Pavee Point asked us to provide a brief response to the report at the launch yesterday, here is the text of that response:
One of TASC’s main roles is to analysis Government budgets and to make alternative policy proposals. We also focus on transparency and democracy. This report, published today by Pavee Point, has relevance for all those issues.
After five years of austerity policies, we should not be easily shocked. However, the details and figures contained in this report are extremely stark and tell a story that exceeds in its bleakness, many of the reports we have been hearing since the crisis began.
Where government spending has been cut by 4.3 per cent, the voluntary and community sector is seeing a yearly cut of 8-10 per cent. Cuts of this level have a devastating effect on the communities these programmes and organisations serve.
However, cuts in the magnitude of 86 per cent in Traveller education and 85 per cent in Traveller accommodation, 63 per cent in Traveller organisations over the same period far outstrip those made in other areas and it is difficult to see an explanation for this level of cuts focused on a single community other than that of marginalisation and exclusion.
In drawing together these figures and presenting a picture of cuts over five years, this report has made it possible to view a more comprehensive and honest picture of how the Traveller Community has been disproportionally affected by Government policy.
However, as the report itself outlines, the compilation and analysis of these figures was a difficult task. The budgetary process and the lack of sufficient information and data released by Government hampers contemporary research and analysis into Government spending and outcomes.
Even by Ireland’s standards, Budget 2013 was backwards step in terms of budget transparency, with some departments, such as Justice and Equality, Environment, Community and Local Government and Education and Skills providing a weaker level of detail, or spending under subheadings than the previous year.
We had to wait months until the revised estimates gave greater information, by which time, most of the budget measures have been passed and the media debate had moved on. This makes it very difficult for civil society, communities and citizens to engage and mobilise on decisions which affect them.
As the report further demonstrates, much of the support available to the Traveller community comes by way of supports available to disadvantaged communities and is not Traveller specific. This means that again, it is difficult to assess the level of support accessed by the Traveller community and therefore the level of cuts suffered by it.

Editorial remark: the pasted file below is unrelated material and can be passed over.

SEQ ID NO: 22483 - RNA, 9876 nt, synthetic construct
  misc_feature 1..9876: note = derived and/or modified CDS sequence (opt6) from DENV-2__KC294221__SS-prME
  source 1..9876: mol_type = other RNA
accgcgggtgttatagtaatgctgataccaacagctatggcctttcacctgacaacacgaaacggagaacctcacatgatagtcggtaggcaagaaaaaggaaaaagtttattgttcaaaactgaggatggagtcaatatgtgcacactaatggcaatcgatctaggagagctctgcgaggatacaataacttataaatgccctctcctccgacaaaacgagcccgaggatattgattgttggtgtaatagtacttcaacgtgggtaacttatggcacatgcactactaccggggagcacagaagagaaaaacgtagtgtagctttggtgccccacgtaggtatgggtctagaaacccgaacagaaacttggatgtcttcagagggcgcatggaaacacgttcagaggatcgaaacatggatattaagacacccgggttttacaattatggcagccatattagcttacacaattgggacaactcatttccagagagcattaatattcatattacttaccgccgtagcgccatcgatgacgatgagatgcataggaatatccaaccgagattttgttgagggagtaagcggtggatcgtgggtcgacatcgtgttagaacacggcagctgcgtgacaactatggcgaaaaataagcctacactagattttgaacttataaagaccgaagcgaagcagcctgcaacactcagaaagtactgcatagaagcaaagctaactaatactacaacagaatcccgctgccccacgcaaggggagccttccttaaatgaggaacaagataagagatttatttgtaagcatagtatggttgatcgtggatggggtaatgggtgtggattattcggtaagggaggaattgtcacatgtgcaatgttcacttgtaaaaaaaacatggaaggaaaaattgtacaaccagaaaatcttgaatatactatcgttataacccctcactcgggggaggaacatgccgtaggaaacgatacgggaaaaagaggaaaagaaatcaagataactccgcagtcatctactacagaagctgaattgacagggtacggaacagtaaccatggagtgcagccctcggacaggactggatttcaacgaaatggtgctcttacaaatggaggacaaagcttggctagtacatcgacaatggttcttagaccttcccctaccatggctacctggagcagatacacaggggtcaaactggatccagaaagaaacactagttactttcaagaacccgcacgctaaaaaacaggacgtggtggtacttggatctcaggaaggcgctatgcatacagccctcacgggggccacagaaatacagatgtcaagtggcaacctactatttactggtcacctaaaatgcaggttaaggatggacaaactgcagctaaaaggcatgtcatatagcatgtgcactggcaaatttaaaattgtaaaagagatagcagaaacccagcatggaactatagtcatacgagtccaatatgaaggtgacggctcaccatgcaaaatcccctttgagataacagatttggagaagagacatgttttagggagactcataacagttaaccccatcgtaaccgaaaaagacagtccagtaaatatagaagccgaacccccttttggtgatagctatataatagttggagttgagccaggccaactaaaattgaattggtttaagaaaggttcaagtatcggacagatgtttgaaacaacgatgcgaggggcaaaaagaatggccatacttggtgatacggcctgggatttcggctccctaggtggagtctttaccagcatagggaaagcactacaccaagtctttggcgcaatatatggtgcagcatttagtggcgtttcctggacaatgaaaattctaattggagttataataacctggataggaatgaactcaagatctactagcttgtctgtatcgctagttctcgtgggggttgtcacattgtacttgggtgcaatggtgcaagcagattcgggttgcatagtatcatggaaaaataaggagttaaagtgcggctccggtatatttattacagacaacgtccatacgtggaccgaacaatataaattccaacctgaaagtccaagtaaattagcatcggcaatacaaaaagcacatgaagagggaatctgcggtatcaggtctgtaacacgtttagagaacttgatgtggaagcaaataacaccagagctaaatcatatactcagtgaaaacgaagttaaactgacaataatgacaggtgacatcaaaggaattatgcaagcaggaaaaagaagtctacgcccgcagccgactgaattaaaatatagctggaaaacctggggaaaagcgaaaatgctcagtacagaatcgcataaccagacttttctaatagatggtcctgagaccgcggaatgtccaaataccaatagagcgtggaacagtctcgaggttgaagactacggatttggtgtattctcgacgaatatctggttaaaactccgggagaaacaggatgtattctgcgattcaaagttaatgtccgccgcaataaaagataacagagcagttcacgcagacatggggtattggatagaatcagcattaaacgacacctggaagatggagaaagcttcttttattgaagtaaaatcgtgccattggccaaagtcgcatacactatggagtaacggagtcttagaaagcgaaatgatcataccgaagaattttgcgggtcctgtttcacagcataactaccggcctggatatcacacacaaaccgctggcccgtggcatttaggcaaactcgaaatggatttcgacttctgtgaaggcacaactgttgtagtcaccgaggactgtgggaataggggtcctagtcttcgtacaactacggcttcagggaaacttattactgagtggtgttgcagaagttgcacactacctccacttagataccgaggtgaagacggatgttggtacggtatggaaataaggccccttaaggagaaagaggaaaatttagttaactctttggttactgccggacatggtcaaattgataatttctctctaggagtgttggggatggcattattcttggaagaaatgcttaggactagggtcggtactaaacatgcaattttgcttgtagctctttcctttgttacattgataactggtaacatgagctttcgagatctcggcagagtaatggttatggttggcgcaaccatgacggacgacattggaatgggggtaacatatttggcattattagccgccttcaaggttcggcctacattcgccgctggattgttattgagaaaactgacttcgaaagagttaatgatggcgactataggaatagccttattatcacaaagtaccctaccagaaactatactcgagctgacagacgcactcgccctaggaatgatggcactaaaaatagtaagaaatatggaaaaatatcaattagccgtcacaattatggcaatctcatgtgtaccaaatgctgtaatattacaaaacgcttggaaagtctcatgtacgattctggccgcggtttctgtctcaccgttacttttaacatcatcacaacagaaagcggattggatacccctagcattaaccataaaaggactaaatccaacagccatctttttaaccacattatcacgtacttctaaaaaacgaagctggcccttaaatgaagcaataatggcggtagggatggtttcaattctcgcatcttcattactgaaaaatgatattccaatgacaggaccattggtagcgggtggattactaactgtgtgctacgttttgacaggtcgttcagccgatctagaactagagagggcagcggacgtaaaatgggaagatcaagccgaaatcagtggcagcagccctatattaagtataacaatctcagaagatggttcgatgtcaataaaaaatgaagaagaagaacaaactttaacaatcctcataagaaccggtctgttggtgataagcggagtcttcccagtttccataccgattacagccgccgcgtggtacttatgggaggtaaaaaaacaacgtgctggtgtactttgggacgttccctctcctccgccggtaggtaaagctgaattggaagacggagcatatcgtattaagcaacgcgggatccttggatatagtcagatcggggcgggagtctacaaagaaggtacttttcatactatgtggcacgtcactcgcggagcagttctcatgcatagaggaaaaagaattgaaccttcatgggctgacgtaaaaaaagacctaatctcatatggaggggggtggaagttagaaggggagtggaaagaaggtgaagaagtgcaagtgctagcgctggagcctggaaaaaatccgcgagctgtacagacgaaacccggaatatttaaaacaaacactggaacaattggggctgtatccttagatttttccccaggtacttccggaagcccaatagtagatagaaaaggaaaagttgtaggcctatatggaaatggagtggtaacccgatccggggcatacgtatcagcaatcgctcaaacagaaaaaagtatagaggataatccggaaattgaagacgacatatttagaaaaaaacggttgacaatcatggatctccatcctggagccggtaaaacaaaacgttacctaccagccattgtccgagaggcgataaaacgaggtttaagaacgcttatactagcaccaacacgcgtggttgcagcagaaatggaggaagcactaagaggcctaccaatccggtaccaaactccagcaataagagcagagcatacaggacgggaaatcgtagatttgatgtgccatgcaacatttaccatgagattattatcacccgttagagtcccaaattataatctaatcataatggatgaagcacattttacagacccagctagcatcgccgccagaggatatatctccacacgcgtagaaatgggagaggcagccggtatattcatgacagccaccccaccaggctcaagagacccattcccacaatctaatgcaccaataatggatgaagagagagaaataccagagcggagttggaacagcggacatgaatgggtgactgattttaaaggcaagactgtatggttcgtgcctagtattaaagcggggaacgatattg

In 2013 there should be no excuse for the poor level of statistics in relation to Traveller participation and outcomes in the education sector and the monitoring of the consequences of the withdrawal of services as outlined in the report.
The current Programme for Government agreed by Fine Gael and Labour contains a strong commitment to openness and transparency. Not least, on page twenty three, the pledge that “We will open up the Budget process to the full glare of public scrutiny in a way that restores confidence and stability by exposing and cutting failing programmes and pork barrel politics.”
However, confidence and stability also comes from debating and understanding the rationale, and possible consequences of budgetary decisions.
A proper system of equality budgeting would assist in this task.
One of the consequences of the closed nature of budgetary decision-making over the past few years is that budgets are passed in a vacuum, where the multiplicity of impacts on certain groups in society is not adequately considered or debated.
If you decide to target secondary benefits for example, there is a good chance that those who are most dependent on social transfers will suffer the most.
This report demonstrates the cumulative effects of decisions made across different departments on one such group. Budgets should be examined for the cumulative effects on specific groups, including Travellers, across departments and on a multi-annual basis, rather than lurching from year to year.
One of the most disappointing aspects of Government policy during the crisis is that it threatens to roll back progress made in the preceding years. Progress, as stated in the report, which was hard fought and hard won.
The Government’s main task during this crisis, as articulated by the Government (previous and current) itself, the media and our European partners is to reduce the deficit and return to growth.
However, disinvestment in Traveller services and facilities, in particular, education and accommodation, is a false economy. A return to growth demands investment, in particular in education and in capital projects.
It is not clear what is to be gained in the long-run by further marginalising a community or disinvesting in its future.
Over the past number of years, many organisations and groups (e.g. TASC, SJI etc.), have provided alternative policies for closing the deficit, ones that would not increase inequality.
There is no need for any group in our society to bear the disproportional impacts of cuts that the Traveller community has, these are political choices, not economic ones.